How Brands Were Born: A Brief History of Modern Marketing

The "Mad Men" era of the 1960s was a Cambrian explosion of brands -- from cigarettes to soap -- that have come to define modern marketing. Understanding how those marketing campaigns began helps to explain why branded products are so ubiquitous today.

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There was a time, going back at least 70 years, when all it took to be successful in business was to make a product of good quality. If you offered good coffee, whiskey or beer, people would come to your shop and buy it. And as long as you made sure that your product quality was superior to the competition, you were pretty much set. Well into the 1970s, a savvy consumer could distinguish between high-quality and shabby products quite easily.

And yet, as much as we like to complain about what we buy, it remains a fact that we live in a golden age for quality products. Today, it is much more rare to find cars that consistently break down or kiddie pools that leak. I challenge you to walk into any supermarket and find a product that is not of almost equal quality to the category leader in terms of functional performance. Nevertheless, the companies that were category leader in the early days often still are today. Some represent the "foundational brands," the companies that in the 1950s and 1960s epitomized the kind of smart marketing that is now ubiquitous. A handful of these marketing leaders are listed in the gallery below. And the reason they have survived the test of time comes down to the discipline of marketing and branding.

THE BIRTH OF MODERN BRANDS

The shift from simple products to brands has not been sudden or inevitable. You could argue that it grew out of the standardization of quality products for consumers in the middle of the 20th century, which required companies to find a new way to differentiate themselves from their competitors.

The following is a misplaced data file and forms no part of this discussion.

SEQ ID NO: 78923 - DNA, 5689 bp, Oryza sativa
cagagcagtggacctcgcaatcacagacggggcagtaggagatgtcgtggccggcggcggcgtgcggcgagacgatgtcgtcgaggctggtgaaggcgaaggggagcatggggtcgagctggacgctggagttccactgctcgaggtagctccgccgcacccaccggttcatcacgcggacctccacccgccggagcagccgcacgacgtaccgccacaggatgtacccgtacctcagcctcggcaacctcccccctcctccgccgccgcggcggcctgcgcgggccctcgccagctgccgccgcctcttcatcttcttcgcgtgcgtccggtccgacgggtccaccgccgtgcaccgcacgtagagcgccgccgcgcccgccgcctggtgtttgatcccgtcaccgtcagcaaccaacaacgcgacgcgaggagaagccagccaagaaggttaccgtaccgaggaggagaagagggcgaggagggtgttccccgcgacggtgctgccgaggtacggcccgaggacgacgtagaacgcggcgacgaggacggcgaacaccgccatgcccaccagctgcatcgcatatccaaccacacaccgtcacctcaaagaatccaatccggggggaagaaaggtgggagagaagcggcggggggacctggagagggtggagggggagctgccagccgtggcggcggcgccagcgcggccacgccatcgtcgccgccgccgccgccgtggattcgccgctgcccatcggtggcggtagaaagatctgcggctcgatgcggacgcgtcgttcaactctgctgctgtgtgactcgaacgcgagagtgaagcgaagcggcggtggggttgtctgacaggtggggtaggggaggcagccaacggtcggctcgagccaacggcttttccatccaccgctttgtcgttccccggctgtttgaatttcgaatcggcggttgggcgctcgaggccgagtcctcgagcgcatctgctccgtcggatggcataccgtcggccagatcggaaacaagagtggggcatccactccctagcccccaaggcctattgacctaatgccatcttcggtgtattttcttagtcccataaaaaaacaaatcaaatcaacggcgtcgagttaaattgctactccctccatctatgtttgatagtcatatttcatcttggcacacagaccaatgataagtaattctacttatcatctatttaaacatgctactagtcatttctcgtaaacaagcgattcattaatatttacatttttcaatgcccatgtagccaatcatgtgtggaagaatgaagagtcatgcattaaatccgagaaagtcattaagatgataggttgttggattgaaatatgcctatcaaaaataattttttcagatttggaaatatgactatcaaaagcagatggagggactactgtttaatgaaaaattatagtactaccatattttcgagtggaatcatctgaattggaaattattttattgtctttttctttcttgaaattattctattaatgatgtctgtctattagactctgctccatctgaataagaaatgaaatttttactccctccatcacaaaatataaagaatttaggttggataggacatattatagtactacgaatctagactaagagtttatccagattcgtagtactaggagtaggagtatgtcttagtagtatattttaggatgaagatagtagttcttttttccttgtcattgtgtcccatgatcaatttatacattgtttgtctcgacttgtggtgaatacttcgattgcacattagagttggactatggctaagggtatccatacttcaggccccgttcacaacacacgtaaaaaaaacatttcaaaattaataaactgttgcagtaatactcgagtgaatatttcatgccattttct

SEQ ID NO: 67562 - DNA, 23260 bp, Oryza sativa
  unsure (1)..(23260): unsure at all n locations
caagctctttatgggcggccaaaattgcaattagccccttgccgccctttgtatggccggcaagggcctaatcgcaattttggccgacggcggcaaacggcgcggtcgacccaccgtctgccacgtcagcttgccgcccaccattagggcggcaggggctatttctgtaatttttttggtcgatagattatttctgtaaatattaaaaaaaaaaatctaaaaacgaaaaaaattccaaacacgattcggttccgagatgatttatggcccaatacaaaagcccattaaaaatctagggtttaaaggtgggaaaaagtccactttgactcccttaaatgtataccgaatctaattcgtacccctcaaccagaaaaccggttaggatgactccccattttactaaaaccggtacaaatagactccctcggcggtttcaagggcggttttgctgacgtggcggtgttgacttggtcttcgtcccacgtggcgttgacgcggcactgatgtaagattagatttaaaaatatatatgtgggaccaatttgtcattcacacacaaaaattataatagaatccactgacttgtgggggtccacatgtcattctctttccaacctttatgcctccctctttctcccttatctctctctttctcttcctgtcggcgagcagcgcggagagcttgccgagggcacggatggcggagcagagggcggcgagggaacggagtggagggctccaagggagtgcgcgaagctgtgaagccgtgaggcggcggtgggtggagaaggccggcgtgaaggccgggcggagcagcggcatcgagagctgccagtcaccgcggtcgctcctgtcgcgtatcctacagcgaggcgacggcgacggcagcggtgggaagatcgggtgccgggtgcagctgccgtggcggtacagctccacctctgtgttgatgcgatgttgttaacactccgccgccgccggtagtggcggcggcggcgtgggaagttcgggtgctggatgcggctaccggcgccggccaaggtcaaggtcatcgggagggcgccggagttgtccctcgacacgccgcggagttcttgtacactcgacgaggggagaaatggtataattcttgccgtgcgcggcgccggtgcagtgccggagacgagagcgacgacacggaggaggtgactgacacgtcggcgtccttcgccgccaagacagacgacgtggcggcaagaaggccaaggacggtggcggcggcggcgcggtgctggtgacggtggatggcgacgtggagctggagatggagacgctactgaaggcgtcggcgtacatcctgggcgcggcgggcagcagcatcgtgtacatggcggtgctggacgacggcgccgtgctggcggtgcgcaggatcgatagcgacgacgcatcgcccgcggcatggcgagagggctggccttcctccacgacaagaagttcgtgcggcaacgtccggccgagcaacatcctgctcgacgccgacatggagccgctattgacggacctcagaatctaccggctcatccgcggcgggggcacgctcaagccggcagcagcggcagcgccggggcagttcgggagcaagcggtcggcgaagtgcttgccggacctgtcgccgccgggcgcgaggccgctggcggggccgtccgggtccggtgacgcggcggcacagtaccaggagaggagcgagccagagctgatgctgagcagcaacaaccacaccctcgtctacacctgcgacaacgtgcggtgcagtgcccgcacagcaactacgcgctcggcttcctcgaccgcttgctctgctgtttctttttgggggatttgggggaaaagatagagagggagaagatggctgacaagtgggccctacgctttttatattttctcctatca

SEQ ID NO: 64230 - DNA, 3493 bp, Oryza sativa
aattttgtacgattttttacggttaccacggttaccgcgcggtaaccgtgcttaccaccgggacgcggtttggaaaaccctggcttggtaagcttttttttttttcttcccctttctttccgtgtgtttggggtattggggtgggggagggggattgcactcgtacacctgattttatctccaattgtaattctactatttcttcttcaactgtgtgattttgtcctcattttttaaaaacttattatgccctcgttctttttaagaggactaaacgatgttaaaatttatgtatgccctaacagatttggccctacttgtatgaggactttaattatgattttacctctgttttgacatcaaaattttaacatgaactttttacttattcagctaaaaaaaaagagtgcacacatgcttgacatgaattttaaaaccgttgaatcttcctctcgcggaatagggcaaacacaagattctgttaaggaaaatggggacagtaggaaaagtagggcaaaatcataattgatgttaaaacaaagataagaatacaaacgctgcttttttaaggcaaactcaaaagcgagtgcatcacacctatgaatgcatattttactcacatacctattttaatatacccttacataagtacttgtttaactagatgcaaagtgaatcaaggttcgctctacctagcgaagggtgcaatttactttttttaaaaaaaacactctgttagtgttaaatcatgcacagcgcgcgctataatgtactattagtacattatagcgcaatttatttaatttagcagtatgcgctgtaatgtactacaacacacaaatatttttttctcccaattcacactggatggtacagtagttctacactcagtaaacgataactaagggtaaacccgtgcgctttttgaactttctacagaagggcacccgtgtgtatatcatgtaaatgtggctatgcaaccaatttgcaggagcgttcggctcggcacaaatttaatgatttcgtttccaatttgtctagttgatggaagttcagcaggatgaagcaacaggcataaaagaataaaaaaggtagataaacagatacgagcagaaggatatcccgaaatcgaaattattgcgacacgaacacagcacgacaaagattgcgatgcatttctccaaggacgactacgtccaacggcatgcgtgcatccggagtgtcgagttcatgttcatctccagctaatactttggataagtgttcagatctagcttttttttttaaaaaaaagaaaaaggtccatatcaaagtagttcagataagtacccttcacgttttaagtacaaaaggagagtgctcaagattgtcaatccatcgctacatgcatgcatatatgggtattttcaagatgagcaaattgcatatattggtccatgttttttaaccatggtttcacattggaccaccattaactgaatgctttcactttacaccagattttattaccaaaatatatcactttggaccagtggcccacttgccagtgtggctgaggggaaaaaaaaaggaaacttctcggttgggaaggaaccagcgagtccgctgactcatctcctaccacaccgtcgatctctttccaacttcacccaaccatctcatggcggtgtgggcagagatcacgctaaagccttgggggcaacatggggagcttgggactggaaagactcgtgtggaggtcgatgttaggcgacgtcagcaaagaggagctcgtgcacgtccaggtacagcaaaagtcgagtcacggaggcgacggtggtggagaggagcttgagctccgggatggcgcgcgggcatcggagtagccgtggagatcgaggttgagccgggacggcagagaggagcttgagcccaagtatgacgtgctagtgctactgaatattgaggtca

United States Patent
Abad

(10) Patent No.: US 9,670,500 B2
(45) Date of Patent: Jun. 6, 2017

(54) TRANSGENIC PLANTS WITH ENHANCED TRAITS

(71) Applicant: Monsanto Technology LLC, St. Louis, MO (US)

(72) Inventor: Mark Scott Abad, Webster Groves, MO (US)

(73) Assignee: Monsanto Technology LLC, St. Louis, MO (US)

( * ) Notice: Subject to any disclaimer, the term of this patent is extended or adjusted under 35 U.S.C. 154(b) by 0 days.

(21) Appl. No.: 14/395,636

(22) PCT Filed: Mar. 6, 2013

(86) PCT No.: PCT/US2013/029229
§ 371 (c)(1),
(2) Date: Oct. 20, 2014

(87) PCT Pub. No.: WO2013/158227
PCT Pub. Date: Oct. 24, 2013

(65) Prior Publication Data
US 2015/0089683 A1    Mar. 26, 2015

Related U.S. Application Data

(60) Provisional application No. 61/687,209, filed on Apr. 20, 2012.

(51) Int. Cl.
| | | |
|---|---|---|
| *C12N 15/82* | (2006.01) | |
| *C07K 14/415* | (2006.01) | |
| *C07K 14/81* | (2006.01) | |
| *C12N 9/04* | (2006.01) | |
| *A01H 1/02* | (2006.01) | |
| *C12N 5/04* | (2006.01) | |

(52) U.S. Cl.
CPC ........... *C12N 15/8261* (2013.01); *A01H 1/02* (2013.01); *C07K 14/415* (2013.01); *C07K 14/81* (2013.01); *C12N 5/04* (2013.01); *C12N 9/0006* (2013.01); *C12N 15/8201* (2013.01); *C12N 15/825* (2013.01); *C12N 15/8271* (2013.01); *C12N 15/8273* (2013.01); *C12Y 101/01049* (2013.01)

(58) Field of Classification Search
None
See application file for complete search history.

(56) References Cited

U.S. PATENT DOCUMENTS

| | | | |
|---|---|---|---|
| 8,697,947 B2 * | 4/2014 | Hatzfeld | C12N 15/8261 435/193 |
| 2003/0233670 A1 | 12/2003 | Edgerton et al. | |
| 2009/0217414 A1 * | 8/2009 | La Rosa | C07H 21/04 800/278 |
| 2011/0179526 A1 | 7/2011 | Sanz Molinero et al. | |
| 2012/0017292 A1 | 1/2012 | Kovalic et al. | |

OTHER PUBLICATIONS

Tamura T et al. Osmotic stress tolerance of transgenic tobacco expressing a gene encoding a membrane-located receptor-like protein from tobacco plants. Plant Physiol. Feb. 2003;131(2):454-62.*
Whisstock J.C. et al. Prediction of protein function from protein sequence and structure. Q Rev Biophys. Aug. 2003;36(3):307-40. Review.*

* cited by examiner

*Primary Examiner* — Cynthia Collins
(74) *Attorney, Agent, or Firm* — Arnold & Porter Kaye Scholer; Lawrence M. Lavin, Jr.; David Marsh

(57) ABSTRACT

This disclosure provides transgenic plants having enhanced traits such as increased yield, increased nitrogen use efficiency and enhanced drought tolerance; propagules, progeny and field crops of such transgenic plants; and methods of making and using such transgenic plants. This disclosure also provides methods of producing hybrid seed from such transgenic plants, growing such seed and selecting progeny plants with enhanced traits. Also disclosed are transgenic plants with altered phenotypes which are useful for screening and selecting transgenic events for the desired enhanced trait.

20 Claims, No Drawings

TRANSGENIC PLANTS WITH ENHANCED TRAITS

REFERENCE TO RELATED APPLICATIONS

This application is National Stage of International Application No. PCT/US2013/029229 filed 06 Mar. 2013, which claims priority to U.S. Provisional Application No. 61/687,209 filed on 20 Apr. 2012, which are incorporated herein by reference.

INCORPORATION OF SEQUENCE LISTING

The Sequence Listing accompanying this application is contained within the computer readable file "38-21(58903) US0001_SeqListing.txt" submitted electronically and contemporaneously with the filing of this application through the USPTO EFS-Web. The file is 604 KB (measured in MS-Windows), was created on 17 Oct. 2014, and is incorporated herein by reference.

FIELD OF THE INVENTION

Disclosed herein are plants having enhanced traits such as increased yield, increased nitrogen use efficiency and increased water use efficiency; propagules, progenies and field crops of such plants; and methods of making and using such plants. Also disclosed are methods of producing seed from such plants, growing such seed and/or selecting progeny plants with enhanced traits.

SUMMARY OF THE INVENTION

In the 1950s, consumer packaged goods companies like Procter and Gamble, General Foods and Unilever developed the discipline of brand management, or marketing as we know it today, when they noticed the quality levels of products being offered by competitors around them improve. A brand manager would be responsible for giving a product an identity that distinguished it from nearly indistinguishable competitors.

This required an understanding of the target consumer and what we call a "branded proposition" that offered not only functional but also emotional value. Over time, the emotional value would create a buffer against functional parity. As long as the brand was perceived to offer superior value to its competitors, the company offering the brand could charge a little more for its products. If this brand "bonus" was bigger than the cost of building a brand (the additional staff and often advertising costs), the company came out ahead.

The standardization of quality products forced companies to find new ways to distinguish themselves

In the 1950s and 1960s, brands like Tide, Kraft and Lipton excelled in marketing activities (see above gallery), setting the benchmarks for all brands today. This marked the start of almost 50 years of marketing where "winning" was determined by understanding the consumer better than your competitors and the getting the total "brand mix" right. The brand mix is more than the logo, or the price of a product. It's also the packaging, the promotions, and the advertising, all of which is guided by precisely worded positioning statements.

BUILDING AN 'ARTICULATE BRAND'

As my friend Simon Clift, former Chief Marketing Officer of Unilever likes to say, a brand is the contract between a company and consumers. A bundle of contracts, in fact. And the consumer is the judge and the jury. If he or she believes a company is in breach of that contract either by underperforming or misbehaving, the consumer will simply choose to enter a contract with another brand.

I say "misbehaving" because in fact the strongest brands have always exuded a clear sense of their core value. Dan Wieden, legendary ad-man and founder of advertising agency Wieden & Kennedy, puts it another way: Brands are verbs. Nike exhorts. IBM solves. Sony dreams.

Presented by

Marc de Swaan Arons is the co-founder and chairman of the global marketing consultancy EffectiveBrands.

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